The antibiotic treatment has been approved for use in post-weaning piglets, under different names, in the US and Canada, according to company information.
However, the in-feed treatment, avilamycin, employs an antibiotic in a class not used by humans, said Kerry Keffaber, DVM and advisor for veterinary medicine and practice at Elanco. And is part of an effort to address ongoing concerns about the use of antibiotics in animal production and the potential for the development of antibiotic resistant bacteria.
“This is focused on working to meet a need that was seen out there and hopefully will be of value,” he told FeedNavigator.
“What we’re most concerned about is the shared classes used in both human and in animals and resistance concerns,” said Keffaber. “These animal-only classes have some value to protect animals’ health and welfare and reduce the shared use.”
The treatment’s mode of action helps prevent bacteria from attaching and developing in the piglet, said Keffaber. So it is most effective if started prior to the display of symptoms.
That need makes the relationship between the producer and a veterinarian important, he said because a veterinarian with a history of a farm and the challenges seen there would be able to say that it was an appropriate treatment.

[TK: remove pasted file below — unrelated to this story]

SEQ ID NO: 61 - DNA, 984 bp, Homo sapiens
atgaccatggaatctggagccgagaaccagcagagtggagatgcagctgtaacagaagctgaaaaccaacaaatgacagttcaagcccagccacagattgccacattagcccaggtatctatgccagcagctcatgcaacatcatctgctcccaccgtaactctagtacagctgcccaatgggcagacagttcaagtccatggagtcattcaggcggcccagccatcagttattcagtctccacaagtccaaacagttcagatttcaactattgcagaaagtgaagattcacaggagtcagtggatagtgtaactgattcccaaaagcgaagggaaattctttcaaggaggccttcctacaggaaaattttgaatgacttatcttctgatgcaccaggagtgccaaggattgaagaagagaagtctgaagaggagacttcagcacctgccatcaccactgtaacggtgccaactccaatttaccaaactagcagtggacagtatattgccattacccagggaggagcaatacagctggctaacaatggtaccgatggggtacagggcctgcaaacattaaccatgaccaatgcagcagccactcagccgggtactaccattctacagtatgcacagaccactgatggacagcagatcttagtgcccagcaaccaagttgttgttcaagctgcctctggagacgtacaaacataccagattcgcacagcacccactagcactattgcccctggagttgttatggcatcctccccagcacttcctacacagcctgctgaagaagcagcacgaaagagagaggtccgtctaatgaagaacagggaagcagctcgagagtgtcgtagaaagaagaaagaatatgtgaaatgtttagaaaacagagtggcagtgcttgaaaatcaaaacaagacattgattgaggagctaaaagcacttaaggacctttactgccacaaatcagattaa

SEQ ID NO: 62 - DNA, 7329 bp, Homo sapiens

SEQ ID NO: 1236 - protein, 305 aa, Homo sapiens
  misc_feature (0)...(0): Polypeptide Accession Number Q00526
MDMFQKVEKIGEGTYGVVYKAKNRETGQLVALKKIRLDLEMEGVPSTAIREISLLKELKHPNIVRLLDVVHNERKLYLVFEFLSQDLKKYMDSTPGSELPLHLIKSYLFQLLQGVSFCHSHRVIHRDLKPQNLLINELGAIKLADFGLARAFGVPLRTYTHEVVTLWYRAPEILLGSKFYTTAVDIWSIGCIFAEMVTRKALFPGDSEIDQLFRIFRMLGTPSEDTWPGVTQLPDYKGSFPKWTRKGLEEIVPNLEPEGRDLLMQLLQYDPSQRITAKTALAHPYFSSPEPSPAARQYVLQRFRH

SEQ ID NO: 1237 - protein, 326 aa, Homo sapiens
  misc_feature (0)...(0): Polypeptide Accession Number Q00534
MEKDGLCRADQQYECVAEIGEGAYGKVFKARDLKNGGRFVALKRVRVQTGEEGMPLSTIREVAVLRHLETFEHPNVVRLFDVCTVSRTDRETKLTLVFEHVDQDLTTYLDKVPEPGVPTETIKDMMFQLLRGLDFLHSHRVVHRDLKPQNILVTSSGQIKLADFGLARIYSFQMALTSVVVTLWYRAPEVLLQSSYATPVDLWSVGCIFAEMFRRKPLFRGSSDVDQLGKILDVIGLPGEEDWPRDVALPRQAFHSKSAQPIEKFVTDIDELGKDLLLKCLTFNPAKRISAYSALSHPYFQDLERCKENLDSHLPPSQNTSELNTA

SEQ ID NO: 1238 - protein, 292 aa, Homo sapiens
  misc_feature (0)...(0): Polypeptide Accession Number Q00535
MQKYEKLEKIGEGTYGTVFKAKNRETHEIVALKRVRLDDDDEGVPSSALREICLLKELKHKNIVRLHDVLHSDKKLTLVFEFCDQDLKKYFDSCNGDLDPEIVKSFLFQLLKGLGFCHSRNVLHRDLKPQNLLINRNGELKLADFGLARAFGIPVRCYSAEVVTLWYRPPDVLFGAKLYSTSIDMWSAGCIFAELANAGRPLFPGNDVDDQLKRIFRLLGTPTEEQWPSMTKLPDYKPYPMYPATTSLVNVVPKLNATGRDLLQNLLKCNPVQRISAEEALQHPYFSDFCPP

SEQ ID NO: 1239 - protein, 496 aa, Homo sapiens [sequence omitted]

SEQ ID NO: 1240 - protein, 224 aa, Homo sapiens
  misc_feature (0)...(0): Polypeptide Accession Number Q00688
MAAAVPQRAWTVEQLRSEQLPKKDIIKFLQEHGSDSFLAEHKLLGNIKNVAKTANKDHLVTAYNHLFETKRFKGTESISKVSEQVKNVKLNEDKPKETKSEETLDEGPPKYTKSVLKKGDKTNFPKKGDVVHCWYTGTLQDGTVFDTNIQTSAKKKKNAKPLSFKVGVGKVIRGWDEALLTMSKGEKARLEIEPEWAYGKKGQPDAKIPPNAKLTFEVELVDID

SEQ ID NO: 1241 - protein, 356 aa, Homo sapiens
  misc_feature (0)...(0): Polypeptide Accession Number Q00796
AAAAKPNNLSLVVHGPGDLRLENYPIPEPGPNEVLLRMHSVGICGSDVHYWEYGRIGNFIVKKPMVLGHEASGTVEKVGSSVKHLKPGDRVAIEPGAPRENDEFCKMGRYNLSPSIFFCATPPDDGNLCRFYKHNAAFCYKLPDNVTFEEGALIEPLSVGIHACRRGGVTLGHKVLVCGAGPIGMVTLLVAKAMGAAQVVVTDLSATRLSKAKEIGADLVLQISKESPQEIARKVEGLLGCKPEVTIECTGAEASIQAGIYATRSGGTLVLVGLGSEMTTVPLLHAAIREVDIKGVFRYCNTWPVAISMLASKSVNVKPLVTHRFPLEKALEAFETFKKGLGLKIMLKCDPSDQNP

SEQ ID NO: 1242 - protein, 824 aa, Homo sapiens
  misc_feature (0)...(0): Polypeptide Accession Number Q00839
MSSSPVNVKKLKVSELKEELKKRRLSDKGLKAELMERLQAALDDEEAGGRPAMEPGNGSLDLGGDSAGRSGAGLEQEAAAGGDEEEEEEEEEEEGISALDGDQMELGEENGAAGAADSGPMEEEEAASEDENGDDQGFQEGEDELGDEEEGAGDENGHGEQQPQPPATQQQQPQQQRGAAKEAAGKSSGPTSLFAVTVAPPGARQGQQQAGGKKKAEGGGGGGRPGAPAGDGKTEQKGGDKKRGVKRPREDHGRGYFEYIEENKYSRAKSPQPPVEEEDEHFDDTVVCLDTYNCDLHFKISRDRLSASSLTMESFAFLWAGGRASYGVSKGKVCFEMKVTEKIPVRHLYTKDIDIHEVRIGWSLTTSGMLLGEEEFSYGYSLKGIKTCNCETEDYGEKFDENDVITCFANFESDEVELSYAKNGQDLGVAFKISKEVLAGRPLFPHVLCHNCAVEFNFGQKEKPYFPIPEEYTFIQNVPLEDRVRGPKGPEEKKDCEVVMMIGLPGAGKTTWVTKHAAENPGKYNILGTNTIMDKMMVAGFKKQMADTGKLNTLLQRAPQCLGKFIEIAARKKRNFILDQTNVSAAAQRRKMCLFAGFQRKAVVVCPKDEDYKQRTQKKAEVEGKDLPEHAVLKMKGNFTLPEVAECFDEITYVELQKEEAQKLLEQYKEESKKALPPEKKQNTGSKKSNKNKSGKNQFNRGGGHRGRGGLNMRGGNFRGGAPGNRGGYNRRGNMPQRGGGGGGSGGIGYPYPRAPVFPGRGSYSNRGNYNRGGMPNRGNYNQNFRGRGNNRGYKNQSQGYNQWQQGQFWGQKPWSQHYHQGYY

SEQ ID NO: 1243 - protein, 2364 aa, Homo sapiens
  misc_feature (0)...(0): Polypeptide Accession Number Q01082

“And, in the US this will require a veterinary feed directive (VFD) so the vet will write that order,” he said.
The treatment can be fed for 21-42 days based on veterinary assessment and used in piglets up to 14 weeks of age, according to company information.
In efficacy trials done in 2011 on the treatment with 800 pigs, there was a 31.2% improvement in diarrhea instances when the product was used with piglets in a facility with a history of E.coli, said Amanda Kephart, director of US swine brands with Elanco. When piglets were checked for diarrhea scores and then given the product the severity score saw a 50.6% improvement.
Diarrhea challenges caused by E.coli can damage herd health and performance as it is a threat when piglets are most vulnerable, according to company information
The products, Kavault or Surmax 200, are currently approved both in the US and Canada, said Kephart. And, all products put forward by the company are assessed for global potential no further information about potential future markets is being released at this time.